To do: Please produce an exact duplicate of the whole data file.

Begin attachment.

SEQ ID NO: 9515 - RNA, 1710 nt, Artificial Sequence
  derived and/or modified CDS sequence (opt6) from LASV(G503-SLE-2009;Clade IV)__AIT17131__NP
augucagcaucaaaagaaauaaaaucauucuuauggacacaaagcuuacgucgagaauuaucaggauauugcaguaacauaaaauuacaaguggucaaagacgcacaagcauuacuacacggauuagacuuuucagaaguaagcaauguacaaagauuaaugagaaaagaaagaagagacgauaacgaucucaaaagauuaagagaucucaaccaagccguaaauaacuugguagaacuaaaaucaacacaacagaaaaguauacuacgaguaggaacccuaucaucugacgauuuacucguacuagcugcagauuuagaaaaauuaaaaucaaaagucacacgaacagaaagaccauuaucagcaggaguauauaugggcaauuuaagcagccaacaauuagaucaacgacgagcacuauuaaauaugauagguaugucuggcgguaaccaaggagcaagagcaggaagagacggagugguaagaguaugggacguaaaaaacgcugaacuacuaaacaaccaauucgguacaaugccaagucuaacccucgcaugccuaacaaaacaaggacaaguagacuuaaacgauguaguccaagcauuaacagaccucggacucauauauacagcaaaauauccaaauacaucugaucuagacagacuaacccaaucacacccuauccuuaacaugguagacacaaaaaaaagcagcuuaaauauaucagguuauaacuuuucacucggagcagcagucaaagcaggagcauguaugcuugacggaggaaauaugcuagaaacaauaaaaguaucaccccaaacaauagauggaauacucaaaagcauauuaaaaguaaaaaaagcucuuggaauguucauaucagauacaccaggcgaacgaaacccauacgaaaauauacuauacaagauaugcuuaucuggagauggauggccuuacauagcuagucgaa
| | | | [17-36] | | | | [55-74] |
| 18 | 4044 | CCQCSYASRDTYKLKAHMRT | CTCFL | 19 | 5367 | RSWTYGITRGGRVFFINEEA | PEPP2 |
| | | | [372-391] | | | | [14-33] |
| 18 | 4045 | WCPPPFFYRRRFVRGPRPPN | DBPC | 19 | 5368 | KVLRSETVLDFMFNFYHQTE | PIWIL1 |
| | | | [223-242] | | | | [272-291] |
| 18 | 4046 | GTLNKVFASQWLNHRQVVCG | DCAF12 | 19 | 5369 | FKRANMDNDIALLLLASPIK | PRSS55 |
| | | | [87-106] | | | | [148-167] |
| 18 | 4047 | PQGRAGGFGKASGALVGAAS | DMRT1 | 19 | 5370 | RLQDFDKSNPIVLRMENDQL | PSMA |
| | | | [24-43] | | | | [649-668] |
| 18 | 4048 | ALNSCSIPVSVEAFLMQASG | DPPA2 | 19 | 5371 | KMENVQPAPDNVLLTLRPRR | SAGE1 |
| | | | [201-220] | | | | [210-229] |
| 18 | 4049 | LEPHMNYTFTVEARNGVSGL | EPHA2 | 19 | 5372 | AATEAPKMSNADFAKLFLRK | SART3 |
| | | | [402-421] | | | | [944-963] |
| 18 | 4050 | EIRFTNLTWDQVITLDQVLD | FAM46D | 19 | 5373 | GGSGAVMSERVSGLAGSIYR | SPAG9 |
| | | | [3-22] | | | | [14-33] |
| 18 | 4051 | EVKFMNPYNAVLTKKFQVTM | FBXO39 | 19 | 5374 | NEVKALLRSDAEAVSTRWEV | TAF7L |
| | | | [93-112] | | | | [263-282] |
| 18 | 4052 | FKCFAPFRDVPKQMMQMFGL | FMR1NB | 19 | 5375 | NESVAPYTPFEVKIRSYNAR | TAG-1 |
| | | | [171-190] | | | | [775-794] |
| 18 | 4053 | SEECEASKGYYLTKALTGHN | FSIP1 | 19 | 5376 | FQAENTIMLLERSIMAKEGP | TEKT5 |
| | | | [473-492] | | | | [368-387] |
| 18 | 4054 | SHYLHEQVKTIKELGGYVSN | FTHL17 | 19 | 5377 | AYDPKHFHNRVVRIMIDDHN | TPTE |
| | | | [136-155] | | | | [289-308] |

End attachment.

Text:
SEQ ID NO: 9515 - RNA, 1710 nt, Artificial Sequence
  derived and/or modified CDS sequence (opt6) from LASV(G503-SLE-2009;Clade IV)__AIT17131__NP
augucagcaucaaaagaaauaaaaucauucuuauggacacaaagcuuacgucgagaauuaucaggauauugcaguaacauaaaauuacaaguggucaaagacgcacaagcauuacuacacggauuagacuuuucagaaguaagcaauguacaaagauuaaugagaaaagaaagaagagacgauaacgaucucaaaagauuaagagaucucaaccaagccguaaauaacuugguagaacuaaaaucaacacaacagaaaaguauacuacgaguaggaacccuaucaucugacgauuuacucguacuagcugcagauuuagaaaaauuaaaaucaaaagucacacgaacagaaagaccauuaucagcaggaguauauaugggcaauuuaagcagccaacaauuagaucaacgacgagcacuauuaaauaugauagguaugucuggcgguaaccaaggagcaagagcaggaagagacggagugguaagaguaugggacguaaaaaacgcugaacuacuaaacaaccaauucgguacaaugccaagucuaacccucgcaugccuaacaaaacaaggacaaguagacuuaaacgauguaguccaagcauuaacagaccucggacucauauauacagcaaaauauccaaauacaucugaucuagacagacuaacccaaucacacccuauccuuaacaugguagacacaaaaaaaagcagcuuaaauauaucagguuauaacuuuucacucggagcagcagucaaagcaggagcauguaugcuugacggaggaaauaugcuagaaacaauaaaaguaucaccccaaacaauagauggaauacucaaaagcauauuaaaaguaaaaaaagcucuuggaauguucauaucagauacaccaggcgaacgaaacccauacgaaaauauacuauacaagauaugcuuaucuggagauggauggccuuacauagcuagucgaa
| | | | [17-36] | | | | [55-74] |
| 18 | 4044 | CCQCSYASRDTYKLKAHMRT | CTCFL | 19 | 5367 | RSWTYGITRGGRVFFINEEA | PEPP2 |
| | | | [372-391] | | | | [14-33] |
| 18 | 4045 | WCPPPFFYRRRFVRGPRPPN | DBPC | 19 | 5368 | KVLRSETVLDFMFNFYHQTE | PIWIL1 |
| | | | [223-242] | | | | [272-291] |
| 18 | 4046 | GTLNKVFASQWLNHRQVVCG | DCAF12 | 19 | 5369 | FKRANMDNDIALLLLASPIK | PRSS55 |
| | | | [87-106] | | | | [148-167] |
| 18 | 4047 | PQGRAGGFGKASGALVGAAS | DMRT1 | 19 | 5370 | RLQDFDKSNPIVLRMENDQL | PSMA |
| | | | [24-43] | | | | [649-668] |
| 18 | 4048 | ALNSCSIPVSVEAFLMQASG | DPPA2 | 19 | 5371 | KMENVQPAPDNVLLTLRPRR | SAGE1 |
| | | | [201-220] | | | | [210-229] |
| 18 | 4049 | LEPHMNYTFTVEARNGVSGL | EPHA2 | 19 | 5372 | AATEAPKMSNADFAKLFLRK | SART3 |
| | | | [402-421] | | | | [944-963] |
| 18 | 4050 | EIRFTNLTWDQVITLDQVLD | FAM46D | 19 | 5373 | GGSGAVMSERVSGLAGSIYR | SPAG9 |
| | | | [3-22] | | | | [14-33] |
| 18 | 4051 | EVKFMNPYNAVLTKKFQVTM | FBXO39 | 19 | 5374 | NEVKALLRSDAEAVSTRWEV | TAF7L |
| | | | [93-112] | | | | [263-282] |
| 18 | 4052 | FKCFAPFRDVPKQMMQMFGL | FMR1NB | 19 | 5375 | NESVAPYTPFEVKIRSYNAR | TAG-1 |
| | | | [171-190] | | | | [775-794] |
| 18 | 4053 | SEECEASKGYYLTKALTGHN | FSIP1 | 19 | 5376 | FQAENTIMLLERSIMAKEGP | TEKT5 |
| | | | [473-492] | | | | [368-387] |
| 18 | 4054 | SHYLHEQVKTIKELGGYVSN | FTHL17 | 19 | 5377 | AYDPKHFHNRVVRIMIDDHN | TPTE |
| | | | [136-155] | | | | [289-308] |